Marijuana is now legal in four states plus the District of Columbia and is legal for medical usage in 23 states and the District of Columbia. If you're like many Scottsdale addicts, then, you may see your marijuana use as unproblematic. Perhaps you even labor under the assumption that marijuana is totally safe and can't be addictive. It doesn't matter whether a drug is legal or available for prescription use. After all, prescription drugs are now the leading cause of drug addiction in the U.S. Instead, what matters is how the drug affects you. Marijuana comes with serious side effects, and between 10% and 20% of users eventually develop an addiction.
Marijuana Addiction: The Basics
Marijuana is the single most popular illicit drug in the United States, with nearly 40% of adults admitting to marijuana use at least once. Nearly half of high school seniors have used marijuana, and the drug is increasingly de-stigmatized in medical literature and popular culture.
It's true that it's impossible to overdose on marijuana, and research suggests that marijuana doesn't result in the same serious withdrawal effects some drugs yield. Instead, marijuana is intensely psychologically addictive. More than half of regular marijuana users suffer from an underlying mental illness. For many, marijuana is a form of self-medication, so when they stop abusing the drug, their psychological symptoms can become intensely painful.
How Marijuana Affects the Body
Marijuana's drug classification is the subject of ongoing medical and political debate, though most addiction experts classify marijuana as a central nervous system depressant. This means that it slows down activity in your brain and spinal cord, slowing your thoughts and reaction times. With higher doses, the effects become more pronounced, and prolonged usage greatly increases your odds of addiction. Some of the most common symptoms of marijuana use include:
- Increased appetite; marijuana is sometimes used in hospitals to help improve cancer patients' appetites.
- Fixation on unimportant details.
- Obsessive concentration.
- Excessive talking.
- Decreased inhibitions.
- Difficulty with sexual functioning.
- Confusion, decreased intelligence, and slower processing.
- Slowed reflexes and less physical dexterity.
- Paranoia and anxiety, especially at high doses or when marijuana is eaten.
- Increased heart rate and pulse.
- Increased sensitivity to touch.
Symptoms of Marijuana Addiction
Marijuana addiction is a slower process than the process of getting addicted to other drugs. And because marijuana breeds intense psychological dependence, prolonged use coupled with psychological distress are the two most important predictors for marijuana addiction. If you feel anxious, depressed, or restless when you can't use marijuana, this may signal an addiction. Some other symptoms of marijuana addiction include:
- Working while under the influence of marijuana.
- Spending all or most of your time high.
- Doing things you regret due to the influence of marijuana.
- Suffering financial problems due to marijuana.
- Being arrested but continuing to use marijuana.
- Relationship problems due to marijuana use.
- “Needing” marijuana to feel normal, happy, or productive.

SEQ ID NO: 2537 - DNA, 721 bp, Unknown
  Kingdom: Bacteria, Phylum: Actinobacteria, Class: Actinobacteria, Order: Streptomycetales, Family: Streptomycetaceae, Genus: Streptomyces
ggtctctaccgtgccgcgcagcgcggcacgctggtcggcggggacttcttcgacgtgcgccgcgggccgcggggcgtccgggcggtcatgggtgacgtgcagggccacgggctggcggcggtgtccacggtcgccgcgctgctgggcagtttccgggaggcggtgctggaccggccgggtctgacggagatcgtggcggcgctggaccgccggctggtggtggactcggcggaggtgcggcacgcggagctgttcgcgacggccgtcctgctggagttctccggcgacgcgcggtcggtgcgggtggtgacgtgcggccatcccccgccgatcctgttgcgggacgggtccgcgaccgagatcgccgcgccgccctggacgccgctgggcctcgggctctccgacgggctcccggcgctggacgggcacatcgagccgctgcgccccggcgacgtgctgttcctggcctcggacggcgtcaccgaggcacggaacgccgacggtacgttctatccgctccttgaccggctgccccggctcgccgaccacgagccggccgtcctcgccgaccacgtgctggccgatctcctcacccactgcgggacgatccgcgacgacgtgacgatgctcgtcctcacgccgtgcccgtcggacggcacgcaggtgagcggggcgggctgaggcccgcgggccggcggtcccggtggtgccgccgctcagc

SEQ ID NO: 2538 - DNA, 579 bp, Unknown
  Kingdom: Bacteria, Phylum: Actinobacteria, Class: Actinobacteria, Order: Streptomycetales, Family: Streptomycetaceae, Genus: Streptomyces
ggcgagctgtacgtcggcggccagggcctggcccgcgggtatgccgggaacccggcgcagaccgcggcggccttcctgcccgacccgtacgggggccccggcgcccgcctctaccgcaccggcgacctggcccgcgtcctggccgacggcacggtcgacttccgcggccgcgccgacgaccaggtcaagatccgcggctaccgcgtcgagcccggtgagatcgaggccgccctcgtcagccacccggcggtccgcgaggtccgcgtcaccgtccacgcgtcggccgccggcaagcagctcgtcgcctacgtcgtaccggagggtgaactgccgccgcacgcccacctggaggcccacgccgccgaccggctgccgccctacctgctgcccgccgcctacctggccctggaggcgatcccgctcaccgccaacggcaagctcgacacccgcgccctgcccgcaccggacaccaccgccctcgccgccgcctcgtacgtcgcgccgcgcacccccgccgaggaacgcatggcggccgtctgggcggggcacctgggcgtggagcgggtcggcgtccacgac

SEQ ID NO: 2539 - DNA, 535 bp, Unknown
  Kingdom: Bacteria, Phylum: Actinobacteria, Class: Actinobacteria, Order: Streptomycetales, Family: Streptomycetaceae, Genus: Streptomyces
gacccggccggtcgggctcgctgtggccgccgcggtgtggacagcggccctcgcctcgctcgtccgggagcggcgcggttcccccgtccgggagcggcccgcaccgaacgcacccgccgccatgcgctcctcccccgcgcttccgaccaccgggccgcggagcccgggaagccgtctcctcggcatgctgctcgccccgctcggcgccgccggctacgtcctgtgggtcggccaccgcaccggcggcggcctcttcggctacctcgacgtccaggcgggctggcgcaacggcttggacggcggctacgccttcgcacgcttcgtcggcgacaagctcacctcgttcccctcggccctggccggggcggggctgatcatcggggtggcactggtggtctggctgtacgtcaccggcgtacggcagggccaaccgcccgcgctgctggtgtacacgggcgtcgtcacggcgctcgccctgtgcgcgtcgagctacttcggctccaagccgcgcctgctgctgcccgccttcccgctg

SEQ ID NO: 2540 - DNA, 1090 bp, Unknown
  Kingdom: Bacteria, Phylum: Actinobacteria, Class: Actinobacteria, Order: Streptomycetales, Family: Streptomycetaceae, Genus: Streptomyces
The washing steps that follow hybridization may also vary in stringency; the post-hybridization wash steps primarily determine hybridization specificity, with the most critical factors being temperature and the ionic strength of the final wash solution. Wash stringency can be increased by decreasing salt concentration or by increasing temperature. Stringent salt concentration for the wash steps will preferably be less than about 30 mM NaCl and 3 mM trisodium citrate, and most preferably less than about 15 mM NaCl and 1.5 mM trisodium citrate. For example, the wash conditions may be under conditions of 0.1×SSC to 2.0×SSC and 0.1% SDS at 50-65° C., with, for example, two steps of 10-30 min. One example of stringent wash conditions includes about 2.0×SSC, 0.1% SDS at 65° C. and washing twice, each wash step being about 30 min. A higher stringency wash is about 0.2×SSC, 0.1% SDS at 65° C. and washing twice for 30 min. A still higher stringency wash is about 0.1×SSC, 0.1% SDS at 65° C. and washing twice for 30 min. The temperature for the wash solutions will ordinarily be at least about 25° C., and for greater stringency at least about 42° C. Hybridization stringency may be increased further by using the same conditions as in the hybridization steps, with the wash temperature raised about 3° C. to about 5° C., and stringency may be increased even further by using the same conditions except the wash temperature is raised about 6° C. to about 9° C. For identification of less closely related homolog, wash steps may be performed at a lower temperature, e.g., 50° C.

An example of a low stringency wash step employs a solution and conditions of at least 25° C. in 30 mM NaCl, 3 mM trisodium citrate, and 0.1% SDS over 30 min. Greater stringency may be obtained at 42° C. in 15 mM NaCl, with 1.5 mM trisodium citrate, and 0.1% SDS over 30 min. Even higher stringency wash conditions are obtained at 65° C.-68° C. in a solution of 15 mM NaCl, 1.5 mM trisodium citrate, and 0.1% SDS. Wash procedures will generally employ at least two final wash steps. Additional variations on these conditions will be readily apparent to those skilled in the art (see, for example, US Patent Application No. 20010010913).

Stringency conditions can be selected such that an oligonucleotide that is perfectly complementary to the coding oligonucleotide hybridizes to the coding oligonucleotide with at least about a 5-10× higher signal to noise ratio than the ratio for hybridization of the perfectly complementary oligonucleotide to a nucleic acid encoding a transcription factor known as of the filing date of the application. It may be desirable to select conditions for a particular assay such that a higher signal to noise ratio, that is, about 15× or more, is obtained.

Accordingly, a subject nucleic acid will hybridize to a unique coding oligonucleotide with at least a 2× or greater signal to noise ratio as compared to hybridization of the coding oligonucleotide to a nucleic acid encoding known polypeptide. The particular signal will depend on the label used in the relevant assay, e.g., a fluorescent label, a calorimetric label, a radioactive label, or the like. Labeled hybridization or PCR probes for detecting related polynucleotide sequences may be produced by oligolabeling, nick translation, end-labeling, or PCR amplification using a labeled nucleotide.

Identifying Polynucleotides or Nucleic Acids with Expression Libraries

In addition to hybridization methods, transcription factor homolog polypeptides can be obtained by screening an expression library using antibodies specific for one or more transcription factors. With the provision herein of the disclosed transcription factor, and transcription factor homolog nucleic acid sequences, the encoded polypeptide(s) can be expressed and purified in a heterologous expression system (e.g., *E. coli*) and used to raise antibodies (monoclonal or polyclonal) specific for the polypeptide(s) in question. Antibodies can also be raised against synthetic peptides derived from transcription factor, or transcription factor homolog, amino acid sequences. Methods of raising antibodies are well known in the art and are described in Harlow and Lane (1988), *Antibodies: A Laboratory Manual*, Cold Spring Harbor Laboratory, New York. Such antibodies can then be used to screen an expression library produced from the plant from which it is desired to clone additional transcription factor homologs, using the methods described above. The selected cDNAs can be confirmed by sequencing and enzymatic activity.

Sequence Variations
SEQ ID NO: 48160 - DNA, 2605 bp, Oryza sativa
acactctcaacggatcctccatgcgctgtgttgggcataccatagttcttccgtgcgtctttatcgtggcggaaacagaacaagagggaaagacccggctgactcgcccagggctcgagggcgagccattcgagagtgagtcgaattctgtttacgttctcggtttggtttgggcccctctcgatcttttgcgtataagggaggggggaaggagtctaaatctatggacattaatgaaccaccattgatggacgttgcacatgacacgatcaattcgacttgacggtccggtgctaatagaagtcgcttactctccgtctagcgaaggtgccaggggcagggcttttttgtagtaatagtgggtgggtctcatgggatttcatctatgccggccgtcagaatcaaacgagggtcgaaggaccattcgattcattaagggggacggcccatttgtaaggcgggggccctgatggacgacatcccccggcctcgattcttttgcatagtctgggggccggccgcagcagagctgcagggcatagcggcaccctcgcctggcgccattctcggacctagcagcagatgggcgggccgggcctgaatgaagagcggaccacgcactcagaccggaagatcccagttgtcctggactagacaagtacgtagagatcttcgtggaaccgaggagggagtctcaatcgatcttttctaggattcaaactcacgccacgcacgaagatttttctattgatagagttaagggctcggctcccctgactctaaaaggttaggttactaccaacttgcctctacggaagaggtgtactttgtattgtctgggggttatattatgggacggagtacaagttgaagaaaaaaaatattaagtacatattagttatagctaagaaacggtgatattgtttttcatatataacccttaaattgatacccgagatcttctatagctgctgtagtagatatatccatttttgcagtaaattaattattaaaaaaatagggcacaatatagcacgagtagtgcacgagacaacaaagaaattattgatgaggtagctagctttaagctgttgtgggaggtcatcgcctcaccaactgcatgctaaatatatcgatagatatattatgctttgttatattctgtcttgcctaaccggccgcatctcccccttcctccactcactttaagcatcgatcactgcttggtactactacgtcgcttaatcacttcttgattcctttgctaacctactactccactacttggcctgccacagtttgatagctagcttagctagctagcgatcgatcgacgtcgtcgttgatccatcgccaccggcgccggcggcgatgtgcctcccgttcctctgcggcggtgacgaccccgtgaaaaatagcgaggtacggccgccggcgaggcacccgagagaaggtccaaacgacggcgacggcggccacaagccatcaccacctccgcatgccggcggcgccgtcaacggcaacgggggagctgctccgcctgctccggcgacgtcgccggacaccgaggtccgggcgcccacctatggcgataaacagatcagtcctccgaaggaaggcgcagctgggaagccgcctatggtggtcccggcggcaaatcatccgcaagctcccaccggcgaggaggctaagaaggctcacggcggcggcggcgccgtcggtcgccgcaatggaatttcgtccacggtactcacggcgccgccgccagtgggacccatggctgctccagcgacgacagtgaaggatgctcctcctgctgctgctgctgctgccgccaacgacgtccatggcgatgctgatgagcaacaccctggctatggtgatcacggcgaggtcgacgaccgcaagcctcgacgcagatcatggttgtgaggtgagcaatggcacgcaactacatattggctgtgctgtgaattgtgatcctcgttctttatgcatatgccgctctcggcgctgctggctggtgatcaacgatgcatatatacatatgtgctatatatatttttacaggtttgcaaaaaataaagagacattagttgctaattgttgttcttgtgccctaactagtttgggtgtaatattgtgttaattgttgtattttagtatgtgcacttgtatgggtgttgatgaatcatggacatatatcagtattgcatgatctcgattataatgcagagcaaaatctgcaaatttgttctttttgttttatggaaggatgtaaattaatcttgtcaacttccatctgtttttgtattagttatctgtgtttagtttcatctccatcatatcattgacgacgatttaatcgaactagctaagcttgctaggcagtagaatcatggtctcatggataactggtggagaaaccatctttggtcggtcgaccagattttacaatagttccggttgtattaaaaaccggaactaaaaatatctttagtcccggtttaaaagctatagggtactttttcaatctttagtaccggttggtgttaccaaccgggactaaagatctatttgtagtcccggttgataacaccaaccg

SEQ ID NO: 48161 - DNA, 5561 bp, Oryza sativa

- Excessive sleepiness.
- Difficulty concentrating.
- Hearing from loved ones that your marijuana use has become problematic.
- Short-term memory loss.
Treatment for Marijuana Addiction
One of the only good things about marijuana addiction is that marijuana doesn't typically cause the intense physical withdrawal symptoms that other drugs can lead to. Marijuana withdrawal is also typically short, lasting only three or so days. But the temptation to return to drug use can be overwhelming, particularly in a culture that tacitly endorses marijuana addiction.
Rehab is the single most effective option for treating your marijuana addiction. In rehab, you'll get relief from the peer pressure of everyday life and have the chance to pursue sobriety in a supportive, safe, drug and alcohol-free setting. Some of the services you can expect in rehab – services you can also pursue on your own if you're not yet ready to consider care – include:
- Therapy with an addiction counselor. In therapy, you'll explore the roots of your addiction, the ways your past experiences shape your present behavior, and novel strategies for coping with the pain of withdrawal and the challenges of ongoing cravings. If you have an underlying mental health condition, as many marijuana addicts do, your therapist can help you devise coping strategies for managing this challenge.
- Group counseling sessions under the guidance of a therapist who specializes in addiction.
- 12-step programs such as Marijuana Anonymous and Narcotics Anonymous. These programs are free and confidential and allow you to learn from the experiences of other addicts. Though people from all religious faiths have successfully used these programs, they do make vague religious references and are built around a Christian world view. If you prefer a secular support group, consider SMART Recovery or Rational Recovery instead.
- Medical care. Your physician can help you manage the challenges of detox, prescribing medications to reduce your symptoms and monitoring you to ensure you remain healthy. If you have a physical or mental health condition, your doctor will evaluate you to determine your best treatment options. Your physician can also recommend lifestyle strategies for coping with your addiction, in addition to advising you about medications that may be less addictive than your current prescriptions.